Trial in Remyelination is safe in humans

You want to hear about remyelination trials and here is one. The idea that there are naturally occurring antibodies that promote remyelination was suggested by the group of Moses Rodriguez at the Mayo clinic many, many years ago. 

They then generated an oligodendrocyte/myelin-specific recombinant human monoclonal IgM, rHIgM22. Apparently the antibody is well-endowed with strong anti-apoptotic and pro-proliferative effects on oligodendrocytes.

So this study says it is safe in humans
However, I must admit that I find the whole approach very weird. 
We know that to promote remyelination that the treatment has to enter the brain and bind the oligodendrocytes.
In the Lingo-1 studies they injected massive amounts of antibody such as up to 100mg/kg, which was was about 99.9% excluded from the target. But that tiny percent apparently did something. 
In this current study they used 50 to 100th less antibody and amazing 99.997%  was excluded although this increased to about 99.95 at 1mg/kg and 99.5 at 2mg/kg so again most of what injected went no where useful.
Surely the starting point needs to develop agents that get into the brain.  Maybe I’m just being thick again.

However, I guess other people think differently

Eisen A, Greenberg BM, Bowen JD, Arnold DL, Caggiano AO. A double-blind, placebo-controlled, single ascending-dose study of remyelinating antibody rHIgM22 in people with multiple sclerosis. Mult Scler J Exp Transl Clin. 2017 Nov 21;3(4):2055217317743097.
OBJECTIVE:The objective of this paper is to assess, in individuals with clinically stable multiple sclerosis (MS), the safety, tolerability, pharmacokinetics (PK) and exploratory pharmacodynamics of the monoclonal recombinant human antibody IgM22 (rHIgM22).
METHODS:Seventy-two adults with stable MS were enrolled in a double-blind, randomized, placebo-controlled, single ascending-dose, Phase 1 trial examining rHIgM22 from 0.025 to 2.0 mg/kg. Assessments included MRI, MR spectroscopy, plasma PK, and changes in clinical status, laboratory values and adverse events for three months. The final cohort had additional clinical, ophthalmologic, CSF collection and exploratory biomarker evaluations. Participants were monitored for six months.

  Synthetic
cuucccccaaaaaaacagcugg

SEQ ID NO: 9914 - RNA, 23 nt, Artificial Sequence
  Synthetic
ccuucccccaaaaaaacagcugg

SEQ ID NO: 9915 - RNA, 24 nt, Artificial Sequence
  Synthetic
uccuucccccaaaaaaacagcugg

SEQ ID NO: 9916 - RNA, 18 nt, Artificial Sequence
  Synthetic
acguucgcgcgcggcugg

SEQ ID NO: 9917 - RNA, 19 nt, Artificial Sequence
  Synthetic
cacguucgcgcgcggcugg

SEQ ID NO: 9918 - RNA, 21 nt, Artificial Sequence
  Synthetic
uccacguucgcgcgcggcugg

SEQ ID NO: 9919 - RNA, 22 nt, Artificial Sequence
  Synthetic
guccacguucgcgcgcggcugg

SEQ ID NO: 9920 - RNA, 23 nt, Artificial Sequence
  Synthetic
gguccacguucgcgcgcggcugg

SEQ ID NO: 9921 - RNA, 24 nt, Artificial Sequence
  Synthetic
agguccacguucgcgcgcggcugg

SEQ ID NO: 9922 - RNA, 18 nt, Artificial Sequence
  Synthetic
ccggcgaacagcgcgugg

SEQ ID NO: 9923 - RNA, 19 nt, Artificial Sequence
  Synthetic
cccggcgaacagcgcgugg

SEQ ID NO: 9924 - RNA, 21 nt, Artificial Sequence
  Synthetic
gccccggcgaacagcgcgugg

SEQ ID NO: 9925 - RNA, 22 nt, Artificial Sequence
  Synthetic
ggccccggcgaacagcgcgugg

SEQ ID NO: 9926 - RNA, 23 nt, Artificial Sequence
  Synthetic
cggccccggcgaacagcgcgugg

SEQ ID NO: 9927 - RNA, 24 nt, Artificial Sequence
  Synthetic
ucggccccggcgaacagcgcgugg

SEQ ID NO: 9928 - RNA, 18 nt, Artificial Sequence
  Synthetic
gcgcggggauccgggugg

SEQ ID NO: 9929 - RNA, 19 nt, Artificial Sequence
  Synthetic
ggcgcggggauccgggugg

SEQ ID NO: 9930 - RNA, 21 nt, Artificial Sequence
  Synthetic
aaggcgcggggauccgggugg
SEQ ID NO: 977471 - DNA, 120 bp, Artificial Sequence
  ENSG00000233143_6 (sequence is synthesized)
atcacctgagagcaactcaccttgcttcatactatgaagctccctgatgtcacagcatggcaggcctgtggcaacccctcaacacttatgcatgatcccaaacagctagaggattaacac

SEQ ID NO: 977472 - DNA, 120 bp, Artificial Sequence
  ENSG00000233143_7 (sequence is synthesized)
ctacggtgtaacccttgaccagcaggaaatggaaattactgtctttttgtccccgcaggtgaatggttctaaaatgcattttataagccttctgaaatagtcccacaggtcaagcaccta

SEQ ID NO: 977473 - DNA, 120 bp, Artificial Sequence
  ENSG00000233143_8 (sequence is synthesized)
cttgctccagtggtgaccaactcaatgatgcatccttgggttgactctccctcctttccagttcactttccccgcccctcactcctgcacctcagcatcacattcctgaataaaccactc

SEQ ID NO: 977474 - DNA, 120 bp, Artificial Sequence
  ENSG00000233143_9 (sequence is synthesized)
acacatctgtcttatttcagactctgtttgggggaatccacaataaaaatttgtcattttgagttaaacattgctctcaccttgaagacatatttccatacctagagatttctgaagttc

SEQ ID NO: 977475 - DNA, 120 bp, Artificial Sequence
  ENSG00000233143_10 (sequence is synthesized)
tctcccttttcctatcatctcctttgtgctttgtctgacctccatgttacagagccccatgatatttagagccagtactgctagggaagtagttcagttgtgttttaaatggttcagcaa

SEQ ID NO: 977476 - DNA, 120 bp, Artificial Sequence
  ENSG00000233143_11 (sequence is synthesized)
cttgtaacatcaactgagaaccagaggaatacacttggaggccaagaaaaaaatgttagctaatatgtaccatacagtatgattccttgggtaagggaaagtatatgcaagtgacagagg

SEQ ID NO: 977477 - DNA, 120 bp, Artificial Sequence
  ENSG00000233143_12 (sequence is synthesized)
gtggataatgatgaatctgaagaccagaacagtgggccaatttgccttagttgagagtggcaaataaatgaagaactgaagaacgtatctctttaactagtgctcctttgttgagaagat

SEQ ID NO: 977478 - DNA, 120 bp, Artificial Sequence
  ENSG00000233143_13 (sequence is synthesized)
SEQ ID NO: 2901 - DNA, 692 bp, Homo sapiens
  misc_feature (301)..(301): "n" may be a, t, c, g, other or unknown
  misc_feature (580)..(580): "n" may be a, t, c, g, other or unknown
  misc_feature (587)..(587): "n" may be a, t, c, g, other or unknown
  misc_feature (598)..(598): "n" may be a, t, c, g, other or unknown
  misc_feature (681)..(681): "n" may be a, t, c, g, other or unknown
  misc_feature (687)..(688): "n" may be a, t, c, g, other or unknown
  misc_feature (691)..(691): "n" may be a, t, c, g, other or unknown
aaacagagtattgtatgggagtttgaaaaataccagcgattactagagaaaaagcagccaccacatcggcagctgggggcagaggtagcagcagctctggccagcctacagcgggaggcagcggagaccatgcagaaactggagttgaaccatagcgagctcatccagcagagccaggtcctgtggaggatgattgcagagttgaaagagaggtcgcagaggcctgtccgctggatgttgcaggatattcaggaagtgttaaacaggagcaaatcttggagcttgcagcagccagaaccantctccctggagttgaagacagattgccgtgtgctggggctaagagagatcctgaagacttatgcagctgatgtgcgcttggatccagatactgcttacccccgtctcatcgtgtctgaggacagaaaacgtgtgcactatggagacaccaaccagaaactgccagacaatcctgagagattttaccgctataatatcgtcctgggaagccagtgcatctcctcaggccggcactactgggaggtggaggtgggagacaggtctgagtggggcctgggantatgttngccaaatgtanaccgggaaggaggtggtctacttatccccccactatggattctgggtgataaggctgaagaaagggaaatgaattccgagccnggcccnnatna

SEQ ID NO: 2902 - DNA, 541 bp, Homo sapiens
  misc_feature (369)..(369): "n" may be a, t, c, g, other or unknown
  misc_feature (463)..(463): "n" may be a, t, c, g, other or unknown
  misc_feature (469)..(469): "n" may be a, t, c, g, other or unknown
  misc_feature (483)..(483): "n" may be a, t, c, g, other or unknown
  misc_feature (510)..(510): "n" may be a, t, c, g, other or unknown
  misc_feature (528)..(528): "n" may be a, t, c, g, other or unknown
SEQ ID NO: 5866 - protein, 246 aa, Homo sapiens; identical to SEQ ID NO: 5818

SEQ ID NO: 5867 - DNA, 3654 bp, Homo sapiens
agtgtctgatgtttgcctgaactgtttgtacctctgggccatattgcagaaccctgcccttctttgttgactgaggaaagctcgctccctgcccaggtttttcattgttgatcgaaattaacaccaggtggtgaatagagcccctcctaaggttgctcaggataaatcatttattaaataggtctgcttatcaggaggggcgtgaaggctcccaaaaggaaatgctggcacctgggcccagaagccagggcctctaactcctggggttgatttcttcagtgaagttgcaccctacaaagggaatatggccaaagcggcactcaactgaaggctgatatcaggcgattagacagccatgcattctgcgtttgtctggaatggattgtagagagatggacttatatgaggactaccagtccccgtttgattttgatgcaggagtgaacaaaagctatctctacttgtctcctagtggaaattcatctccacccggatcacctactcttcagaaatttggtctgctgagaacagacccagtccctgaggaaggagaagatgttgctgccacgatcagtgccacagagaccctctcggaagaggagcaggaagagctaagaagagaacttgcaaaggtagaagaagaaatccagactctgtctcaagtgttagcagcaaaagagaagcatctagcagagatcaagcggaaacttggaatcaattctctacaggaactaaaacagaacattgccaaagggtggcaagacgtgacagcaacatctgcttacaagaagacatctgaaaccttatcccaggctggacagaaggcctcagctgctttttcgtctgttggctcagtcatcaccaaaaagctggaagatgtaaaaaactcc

RESULTS: rHIgM22 was well tolerated with no clinically significant safety signals. Non-compartmental PK modeling demonstrated linear dose-proportionality both of Cmax and AUC0-Last. The steady-state apparent volume of distribution of approximately 58 ml/kg suggested primarily vascular compartmentalization. CSF:plasma rHIgM22 concentration increased from 0.003% on Day 2 for both 1.0 and 2.0 mg/kg to 0.056% and 0.586% for 1.0 and 2.0 mg/kg, respectively, on Day 29. No statistically significant treatment-related changes were observed in exploratory pharmacodynamic outcome measures included for the 21 participants of the extension cohort.
CONCLUSIONS: Single doses of rHIgM22 were well tolerated and exhibited linear PK, and antibody was detected in the CSF.

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    • Common side effects of clemastine fumarate include drowsiness, dizziness therefore it gets into the brain.